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A Close Shave with Realism: How Ockham's Razor Helps Us Find the Truth1
 

Summary: A Close Shave with Realism:
How Ockham's Razor Helps Us Find the Truth1
Kevin T. Kelly
Department of Philosophy
Carnegie Mellon University
kk3n@andrew.cmu.edu
February 11, 2005
1
This is a circulation draft subject to revision without notice. Comments are most welcome. The
author is indebted to Joseph Ramsey, Oliver Schulte, Clark Glymour, Mark Ravaglia, Peter Tino, Julia
Pfeiffer, Marion Ledwig, and Noriko Nagata for helpful comments on drafts of this paper.
Abstract
Many distinct theories are compatible with current experience. Scientific realists recommend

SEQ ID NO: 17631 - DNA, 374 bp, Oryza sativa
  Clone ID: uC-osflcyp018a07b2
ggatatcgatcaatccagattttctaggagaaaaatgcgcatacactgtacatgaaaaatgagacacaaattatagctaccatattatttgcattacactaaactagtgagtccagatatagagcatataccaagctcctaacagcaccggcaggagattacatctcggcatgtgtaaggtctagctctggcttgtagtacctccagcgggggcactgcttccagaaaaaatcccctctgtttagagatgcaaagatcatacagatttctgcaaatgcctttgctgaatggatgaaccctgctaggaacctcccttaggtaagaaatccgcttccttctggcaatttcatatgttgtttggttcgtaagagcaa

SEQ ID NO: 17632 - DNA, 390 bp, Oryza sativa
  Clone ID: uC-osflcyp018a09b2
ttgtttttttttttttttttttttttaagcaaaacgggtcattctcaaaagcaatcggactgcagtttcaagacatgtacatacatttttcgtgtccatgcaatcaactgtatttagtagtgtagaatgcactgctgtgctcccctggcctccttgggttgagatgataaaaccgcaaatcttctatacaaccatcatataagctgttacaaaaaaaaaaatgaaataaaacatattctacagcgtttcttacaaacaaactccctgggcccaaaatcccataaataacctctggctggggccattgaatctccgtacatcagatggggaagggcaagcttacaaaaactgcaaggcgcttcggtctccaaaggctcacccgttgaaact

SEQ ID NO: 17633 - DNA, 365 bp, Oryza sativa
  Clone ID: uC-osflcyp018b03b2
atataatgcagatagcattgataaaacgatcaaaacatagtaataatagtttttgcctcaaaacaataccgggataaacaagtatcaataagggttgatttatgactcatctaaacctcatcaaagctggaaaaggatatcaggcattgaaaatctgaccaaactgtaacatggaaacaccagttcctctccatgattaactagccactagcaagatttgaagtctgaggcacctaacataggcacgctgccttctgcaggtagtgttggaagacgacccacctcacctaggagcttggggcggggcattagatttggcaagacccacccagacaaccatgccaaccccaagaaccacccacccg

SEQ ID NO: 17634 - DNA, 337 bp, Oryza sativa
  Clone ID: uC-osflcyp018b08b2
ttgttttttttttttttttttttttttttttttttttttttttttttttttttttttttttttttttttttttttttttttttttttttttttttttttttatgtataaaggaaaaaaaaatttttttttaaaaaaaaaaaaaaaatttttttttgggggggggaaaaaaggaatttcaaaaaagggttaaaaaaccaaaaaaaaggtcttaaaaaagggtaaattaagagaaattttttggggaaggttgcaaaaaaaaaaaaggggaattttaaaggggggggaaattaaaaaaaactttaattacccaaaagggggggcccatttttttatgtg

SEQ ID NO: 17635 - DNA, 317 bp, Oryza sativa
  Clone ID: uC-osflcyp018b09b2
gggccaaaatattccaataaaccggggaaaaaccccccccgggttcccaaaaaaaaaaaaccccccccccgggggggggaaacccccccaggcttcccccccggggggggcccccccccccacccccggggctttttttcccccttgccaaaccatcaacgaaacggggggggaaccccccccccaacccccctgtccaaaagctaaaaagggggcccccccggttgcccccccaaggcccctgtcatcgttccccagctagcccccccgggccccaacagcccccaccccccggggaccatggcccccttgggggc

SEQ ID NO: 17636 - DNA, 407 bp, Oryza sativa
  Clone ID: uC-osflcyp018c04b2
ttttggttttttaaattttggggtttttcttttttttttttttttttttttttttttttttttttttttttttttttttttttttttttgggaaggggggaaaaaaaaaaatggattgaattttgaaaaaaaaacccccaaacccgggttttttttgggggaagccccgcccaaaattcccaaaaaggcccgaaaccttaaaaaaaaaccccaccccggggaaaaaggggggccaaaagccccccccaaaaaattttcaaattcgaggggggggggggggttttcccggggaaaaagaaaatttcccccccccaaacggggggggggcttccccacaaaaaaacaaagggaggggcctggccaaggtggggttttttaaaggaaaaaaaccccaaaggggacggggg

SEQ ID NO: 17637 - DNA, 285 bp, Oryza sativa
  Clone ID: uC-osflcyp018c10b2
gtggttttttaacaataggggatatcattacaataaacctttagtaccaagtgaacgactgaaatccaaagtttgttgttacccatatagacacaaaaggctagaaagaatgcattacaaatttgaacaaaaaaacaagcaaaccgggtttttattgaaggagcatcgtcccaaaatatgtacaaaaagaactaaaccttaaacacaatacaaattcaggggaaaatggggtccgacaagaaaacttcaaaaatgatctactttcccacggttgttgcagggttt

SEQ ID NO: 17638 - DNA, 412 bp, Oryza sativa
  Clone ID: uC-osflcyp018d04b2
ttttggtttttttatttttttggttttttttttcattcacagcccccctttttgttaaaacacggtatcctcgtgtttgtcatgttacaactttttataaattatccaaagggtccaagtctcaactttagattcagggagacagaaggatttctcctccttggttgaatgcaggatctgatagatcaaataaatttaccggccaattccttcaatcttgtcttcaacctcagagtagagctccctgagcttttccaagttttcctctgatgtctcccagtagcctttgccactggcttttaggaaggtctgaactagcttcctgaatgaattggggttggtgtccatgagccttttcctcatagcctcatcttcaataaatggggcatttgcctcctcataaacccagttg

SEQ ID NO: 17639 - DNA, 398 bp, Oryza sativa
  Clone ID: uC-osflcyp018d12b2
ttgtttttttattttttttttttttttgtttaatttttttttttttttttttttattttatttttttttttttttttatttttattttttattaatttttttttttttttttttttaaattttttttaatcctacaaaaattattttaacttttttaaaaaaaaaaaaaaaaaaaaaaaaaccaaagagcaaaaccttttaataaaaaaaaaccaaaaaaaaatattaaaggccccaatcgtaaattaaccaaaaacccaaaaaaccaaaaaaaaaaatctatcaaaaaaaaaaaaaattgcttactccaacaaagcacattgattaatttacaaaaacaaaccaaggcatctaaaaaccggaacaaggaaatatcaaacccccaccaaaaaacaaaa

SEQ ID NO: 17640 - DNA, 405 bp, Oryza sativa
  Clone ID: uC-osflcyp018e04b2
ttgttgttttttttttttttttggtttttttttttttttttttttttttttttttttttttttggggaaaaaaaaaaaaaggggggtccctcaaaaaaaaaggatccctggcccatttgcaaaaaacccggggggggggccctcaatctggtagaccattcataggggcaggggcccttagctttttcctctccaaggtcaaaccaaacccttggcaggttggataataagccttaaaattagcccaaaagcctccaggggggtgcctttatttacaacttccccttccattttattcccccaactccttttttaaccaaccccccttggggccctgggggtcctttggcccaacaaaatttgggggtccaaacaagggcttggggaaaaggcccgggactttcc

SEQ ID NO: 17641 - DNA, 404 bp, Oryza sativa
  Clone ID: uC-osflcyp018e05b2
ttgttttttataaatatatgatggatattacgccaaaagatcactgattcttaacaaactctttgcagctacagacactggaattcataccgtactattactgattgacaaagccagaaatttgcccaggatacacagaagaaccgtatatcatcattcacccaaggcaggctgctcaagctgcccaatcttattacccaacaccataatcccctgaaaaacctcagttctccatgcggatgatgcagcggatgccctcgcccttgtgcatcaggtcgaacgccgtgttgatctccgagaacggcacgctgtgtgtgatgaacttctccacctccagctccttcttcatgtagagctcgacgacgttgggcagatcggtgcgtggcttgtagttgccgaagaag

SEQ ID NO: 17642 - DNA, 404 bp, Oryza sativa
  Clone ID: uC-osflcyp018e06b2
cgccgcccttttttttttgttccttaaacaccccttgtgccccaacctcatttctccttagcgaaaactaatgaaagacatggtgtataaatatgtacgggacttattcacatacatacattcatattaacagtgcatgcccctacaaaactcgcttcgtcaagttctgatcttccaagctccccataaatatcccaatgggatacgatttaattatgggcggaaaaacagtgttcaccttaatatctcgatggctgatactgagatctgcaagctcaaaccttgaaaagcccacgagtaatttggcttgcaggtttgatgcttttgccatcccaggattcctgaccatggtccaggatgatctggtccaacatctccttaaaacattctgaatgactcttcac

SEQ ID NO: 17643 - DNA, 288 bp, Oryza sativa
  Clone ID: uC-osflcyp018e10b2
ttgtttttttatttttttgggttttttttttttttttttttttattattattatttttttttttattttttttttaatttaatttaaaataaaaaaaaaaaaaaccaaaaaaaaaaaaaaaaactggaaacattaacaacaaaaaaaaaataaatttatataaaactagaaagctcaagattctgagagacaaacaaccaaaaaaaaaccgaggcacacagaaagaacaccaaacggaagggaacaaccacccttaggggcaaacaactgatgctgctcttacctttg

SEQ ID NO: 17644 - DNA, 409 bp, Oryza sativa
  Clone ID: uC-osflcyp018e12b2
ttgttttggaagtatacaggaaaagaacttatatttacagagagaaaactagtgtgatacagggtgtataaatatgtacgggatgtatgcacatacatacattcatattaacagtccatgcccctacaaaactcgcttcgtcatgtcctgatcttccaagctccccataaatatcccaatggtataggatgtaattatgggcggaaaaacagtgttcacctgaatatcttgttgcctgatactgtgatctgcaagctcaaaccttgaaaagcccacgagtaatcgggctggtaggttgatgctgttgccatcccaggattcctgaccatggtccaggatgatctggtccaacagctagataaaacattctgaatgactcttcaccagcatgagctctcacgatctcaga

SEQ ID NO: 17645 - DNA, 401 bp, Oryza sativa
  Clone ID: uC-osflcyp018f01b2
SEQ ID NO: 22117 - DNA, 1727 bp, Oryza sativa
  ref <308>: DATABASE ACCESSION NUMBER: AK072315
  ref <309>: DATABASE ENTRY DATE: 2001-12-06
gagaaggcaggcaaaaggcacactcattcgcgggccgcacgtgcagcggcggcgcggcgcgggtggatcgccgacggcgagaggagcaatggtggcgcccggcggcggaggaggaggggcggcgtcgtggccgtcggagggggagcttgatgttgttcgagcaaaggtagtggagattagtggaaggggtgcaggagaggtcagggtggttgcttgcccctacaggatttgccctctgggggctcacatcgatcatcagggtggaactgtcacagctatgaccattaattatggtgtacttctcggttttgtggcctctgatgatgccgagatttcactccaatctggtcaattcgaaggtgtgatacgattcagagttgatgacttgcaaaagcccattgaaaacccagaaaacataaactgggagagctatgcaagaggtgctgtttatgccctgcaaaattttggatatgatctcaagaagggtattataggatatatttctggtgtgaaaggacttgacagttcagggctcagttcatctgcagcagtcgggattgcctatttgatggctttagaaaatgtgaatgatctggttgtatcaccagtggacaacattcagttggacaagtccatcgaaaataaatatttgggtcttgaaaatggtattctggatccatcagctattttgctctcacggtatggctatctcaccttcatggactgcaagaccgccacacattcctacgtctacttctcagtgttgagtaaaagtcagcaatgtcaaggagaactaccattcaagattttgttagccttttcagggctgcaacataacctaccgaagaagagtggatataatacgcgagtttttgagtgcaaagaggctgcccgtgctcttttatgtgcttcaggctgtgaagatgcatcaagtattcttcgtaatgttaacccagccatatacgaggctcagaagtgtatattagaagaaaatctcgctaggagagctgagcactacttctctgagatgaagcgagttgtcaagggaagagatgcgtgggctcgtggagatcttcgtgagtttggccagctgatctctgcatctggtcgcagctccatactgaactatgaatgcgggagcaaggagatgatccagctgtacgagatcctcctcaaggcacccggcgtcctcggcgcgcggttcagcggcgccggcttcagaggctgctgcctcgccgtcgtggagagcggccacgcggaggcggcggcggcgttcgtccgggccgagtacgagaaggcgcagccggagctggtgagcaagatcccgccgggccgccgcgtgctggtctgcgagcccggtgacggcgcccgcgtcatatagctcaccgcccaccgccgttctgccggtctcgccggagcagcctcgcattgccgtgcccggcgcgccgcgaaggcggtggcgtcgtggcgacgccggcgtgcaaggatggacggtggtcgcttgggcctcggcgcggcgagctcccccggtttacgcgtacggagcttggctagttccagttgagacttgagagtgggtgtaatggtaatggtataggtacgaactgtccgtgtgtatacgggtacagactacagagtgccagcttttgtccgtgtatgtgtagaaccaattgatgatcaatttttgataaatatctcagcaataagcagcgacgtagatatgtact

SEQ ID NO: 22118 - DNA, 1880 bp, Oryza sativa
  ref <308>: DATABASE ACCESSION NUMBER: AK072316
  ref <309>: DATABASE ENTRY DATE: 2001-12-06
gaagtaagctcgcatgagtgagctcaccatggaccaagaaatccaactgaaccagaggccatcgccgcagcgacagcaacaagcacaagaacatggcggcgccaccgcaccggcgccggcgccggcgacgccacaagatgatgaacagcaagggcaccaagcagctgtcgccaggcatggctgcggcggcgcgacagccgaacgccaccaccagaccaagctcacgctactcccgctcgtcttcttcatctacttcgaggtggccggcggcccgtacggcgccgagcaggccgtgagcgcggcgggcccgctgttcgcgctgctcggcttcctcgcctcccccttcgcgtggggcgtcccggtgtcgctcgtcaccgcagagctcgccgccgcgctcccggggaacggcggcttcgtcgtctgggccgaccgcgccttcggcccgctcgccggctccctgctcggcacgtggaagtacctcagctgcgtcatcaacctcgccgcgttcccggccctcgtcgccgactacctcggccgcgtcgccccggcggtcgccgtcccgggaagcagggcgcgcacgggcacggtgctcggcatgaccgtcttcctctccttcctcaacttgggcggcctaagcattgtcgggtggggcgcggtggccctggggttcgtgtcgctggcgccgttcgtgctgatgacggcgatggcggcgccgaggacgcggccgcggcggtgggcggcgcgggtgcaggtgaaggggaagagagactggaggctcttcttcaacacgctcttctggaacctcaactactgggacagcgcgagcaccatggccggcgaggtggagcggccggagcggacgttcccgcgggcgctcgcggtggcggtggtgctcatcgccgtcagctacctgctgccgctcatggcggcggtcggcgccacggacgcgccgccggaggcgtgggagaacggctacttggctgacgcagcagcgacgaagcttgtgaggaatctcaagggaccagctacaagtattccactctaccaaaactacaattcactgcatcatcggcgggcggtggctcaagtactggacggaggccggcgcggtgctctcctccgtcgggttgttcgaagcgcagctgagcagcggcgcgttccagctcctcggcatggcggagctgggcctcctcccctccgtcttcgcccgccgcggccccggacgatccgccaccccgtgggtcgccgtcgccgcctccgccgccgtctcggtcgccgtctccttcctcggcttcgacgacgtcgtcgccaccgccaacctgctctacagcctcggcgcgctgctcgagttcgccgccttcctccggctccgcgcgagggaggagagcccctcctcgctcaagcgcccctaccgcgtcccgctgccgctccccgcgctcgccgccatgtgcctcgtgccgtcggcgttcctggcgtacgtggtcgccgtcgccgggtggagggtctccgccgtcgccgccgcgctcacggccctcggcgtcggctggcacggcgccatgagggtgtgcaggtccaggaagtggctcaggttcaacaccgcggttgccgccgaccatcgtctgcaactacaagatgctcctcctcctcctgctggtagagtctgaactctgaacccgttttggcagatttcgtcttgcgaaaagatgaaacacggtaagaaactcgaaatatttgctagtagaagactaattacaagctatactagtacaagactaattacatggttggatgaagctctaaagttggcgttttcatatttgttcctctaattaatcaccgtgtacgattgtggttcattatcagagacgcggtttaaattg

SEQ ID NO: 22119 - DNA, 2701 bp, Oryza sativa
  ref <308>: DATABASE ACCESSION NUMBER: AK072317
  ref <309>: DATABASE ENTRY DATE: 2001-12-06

choosing the simplest. Anti-realists object that such appeals to "Ockham's razor" cannot be
truth-conducive, since they lead us astray in complex worlds. I argue, on behalf of the realist,
that always preferring the simplest theory compatible with experience is necessary for efficient
convergence to the truth in the long run, even though it may point in the wrong direction in
the short run. Efficiency is a matter of minimizing errors or retractions prior to convergence to
the truth.
0.1 Realism and Ockham's Razor

  

Source: Andrews, Peter B. - Department of Mathematical Sciences, Carnegie Mellon University

 

Collections: Mathematics